Vicky Hernández et al. v. Honduras and Its Significance
The final decision in the Vicky Hernández et al. v. Honduras case in 2021 set a historic precedent for LGBTQ+ and, specifically, trans women’s rights in Latin America and the Caribbean creating a blueprint for other countries on how to move forward with accountability and justice.
Vicky Hernández was an LGBTQ+ rights activist in Honduras who advocated for rights of trans individuals and sex workers. Vicky’s murder occured on June 28, 2009 during the coup d'etat while a curfew was in place. It was followed by subsequent negligence on the part of the Honduran State that led to her now historic case before the Inter-American Court of Human Rights (IACtHR). Robert F. Kennedy Human Rights and Red Lésbica Cattrachas represented Vicky’s family before the IACtHR arguing that Vicky was the victim of an extrajudicial killing, the State of Honduras was responsible for her death, the State’s investigation proved to be negligent, and that she was discriminated against because of her gender identity. In the hearing there were two key questions raised. (1) If the Convention of Belém do Pará could be applied to trans women and; (2) Whether Honduras could be held internationally responsible for the death of Vicky Hernández and if the lack of investigation by the State was motivated by her gender identity or expression.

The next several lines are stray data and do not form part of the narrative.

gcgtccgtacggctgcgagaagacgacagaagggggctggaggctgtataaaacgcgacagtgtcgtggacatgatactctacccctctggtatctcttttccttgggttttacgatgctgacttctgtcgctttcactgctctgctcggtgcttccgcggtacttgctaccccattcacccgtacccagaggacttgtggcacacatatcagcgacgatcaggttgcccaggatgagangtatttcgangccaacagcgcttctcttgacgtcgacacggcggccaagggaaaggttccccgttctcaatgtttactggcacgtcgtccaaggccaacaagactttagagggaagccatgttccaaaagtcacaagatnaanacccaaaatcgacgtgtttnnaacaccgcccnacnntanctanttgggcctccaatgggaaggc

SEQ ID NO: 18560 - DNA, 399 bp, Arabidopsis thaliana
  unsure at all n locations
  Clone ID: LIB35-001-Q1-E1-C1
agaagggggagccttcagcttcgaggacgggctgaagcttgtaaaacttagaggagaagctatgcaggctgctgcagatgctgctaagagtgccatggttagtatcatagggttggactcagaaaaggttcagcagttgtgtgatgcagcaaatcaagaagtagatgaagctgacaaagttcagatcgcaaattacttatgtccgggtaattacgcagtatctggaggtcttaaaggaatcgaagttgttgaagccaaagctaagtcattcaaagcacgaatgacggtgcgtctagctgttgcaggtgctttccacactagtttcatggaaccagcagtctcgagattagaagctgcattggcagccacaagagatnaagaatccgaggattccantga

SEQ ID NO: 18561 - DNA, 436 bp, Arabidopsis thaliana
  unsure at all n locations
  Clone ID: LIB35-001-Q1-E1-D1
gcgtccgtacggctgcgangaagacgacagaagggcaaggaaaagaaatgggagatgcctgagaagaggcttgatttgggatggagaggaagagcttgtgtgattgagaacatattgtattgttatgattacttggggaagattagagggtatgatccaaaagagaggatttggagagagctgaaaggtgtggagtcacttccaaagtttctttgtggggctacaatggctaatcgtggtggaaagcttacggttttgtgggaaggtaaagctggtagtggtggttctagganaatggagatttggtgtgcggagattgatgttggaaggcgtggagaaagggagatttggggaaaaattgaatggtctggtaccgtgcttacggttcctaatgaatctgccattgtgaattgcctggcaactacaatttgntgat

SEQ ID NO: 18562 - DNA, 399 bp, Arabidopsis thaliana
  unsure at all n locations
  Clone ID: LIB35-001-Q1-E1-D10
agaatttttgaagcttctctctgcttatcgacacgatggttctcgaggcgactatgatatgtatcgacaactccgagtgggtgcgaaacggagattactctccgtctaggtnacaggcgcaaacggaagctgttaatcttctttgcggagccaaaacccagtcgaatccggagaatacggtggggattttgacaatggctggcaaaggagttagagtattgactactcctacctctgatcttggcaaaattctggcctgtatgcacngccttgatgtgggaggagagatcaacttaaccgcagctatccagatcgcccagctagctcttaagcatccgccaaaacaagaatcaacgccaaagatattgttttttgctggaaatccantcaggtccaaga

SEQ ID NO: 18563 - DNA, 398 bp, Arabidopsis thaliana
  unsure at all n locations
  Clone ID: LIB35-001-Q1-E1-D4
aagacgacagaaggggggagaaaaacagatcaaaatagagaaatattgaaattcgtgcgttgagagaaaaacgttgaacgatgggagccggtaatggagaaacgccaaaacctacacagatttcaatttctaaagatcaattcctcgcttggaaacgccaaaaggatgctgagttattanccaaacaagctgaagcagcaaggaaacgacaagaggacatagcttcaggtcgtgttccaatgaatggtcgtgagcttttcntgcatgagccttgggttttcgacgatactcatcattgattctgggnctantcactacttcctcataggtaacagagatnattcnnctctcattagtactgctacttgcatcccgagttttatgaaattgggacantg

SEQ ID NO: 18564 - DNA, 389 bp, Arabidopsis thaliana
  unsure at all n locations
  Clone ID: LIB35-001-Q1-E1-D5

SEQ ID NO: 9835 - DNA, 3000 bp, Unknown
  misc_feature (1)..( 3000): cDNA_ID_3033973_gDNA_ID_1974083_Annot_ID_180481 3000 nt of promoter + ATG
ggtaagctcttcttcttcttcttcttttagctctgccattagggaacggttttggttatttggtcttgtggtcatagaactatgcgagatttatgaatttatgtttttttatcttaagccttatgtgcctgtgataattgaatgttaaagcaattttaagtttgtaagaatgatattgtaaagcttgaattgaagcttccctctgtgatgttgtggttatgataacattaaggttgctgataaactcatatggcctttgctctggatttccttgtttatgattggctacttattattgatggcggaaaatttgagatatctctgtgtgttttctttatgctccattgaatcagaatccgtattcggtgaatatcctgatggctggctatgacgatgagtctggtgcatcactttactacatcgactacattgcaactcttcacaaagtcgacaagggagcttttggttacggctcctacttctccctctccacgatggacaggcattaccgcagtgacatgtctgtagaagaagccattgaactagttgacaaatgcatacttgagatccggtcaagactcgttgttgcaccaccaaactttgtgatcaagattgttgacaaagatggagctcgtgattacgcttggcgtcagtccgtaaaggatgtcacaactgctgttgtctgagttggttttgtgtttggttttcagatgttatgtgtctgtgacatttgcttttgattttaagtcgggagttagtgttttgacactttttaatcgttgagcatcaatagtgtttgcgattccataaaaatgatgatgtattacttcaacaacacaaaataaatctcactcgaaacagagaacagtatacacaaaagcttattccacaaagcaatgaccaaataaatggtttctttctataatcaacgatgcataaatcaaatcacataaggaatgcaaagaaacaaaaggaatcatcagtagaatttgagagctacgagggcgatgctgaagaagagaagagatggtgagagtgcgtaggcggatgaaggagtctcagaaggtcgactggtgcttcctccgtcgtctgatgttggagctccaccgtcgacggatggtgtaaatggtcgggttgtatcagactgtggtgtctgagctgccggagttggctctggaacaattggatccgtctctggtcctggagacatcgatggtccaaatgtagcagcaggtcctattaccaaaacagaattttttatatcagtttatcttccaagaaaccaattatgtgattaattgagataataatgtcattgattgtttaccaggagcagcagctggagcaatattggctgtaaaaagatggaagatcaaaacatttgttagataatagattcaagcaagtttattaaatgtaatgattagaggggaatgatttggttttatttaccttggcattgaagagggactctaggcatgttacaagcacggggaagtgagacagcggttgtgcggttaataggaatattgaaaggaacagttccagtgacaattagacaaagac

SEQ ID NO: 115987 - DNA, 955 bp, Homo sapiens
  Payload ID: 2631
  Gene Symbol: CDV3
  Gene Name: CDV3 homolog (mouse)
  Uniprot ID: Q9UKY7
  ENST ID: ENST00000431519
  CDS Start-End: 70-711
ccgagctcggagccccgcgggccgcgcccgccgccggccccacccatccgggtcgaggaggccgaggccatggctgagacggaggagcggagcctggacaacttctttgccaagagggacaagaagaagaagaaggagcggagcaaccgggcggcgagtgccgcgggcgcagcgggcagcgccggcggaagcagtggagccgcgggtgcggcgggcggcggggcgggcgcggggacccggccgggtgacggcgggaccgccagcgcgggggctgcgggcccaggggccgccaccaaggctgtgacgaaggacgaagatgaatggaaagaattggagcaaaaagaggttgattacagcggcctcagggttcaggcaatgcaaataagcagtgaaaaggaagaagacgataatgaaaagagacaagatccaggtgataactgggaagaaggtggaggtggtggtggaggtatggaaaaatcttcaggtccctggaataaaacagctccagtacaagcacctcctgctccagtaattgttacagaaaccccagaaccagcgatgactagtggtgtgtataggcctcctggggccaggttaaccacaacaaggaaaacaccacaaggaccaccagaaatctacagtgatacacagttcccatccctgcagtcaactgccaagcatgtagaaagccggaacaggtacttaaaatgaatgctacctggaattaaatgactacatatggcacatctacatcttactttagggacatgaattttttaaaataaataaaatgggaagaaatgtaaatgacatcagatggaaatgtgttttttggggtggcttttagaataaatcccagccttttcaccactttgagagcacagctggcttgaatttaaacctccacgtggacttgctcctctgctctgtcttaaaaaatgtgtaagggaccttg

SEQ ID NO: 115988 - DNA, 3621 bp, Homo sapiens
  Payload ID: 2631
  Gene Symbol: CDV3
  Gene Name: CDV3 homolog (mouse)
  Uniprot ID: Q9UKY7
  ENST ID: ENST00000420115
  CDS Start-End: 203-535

The Convention of Belém do Pará is the Inter-American Convention on the Prevention, Punishment, and Eradication of Violence against Women. The Convention of Belém do Pará “defines violence against women, establishes that women have the right to live a life free of violence and that violence against women constitutes a violation of human rights and fundamental freedoms.” The Convention protects women from any violence in public and private spheres across all areas of life. At the time the Hernández case began, it was initially unclear whether this convention applied to transgender women. However, on November 24, 2017 the Inter-American Court released an Advisory Opinion clearly asserting that the rights outlined in the Convention of Belém do Pára extended to all women of any sexual orientation, gender identity, and gender expression and that they are protected by the non-discrimination provision in the Convention. As a result of this Advisory Opinion and the original language of the Convention of Belém do Pará, judges of the IACtHR voted a majority decision in applying the Convention to the Hernández case. This application of the Convention set a legal precedent for the protection of transgender women and other LGBTQ+ individuals in all countries under the jurisdiction of the Inter-American Court of Human Rights and even beyond.
In addition to this issue was the question of holding the State of Honduras internationally accountable for the death of Vicky Hernández and lack of investigation that followed it. While the State of Honduras accepted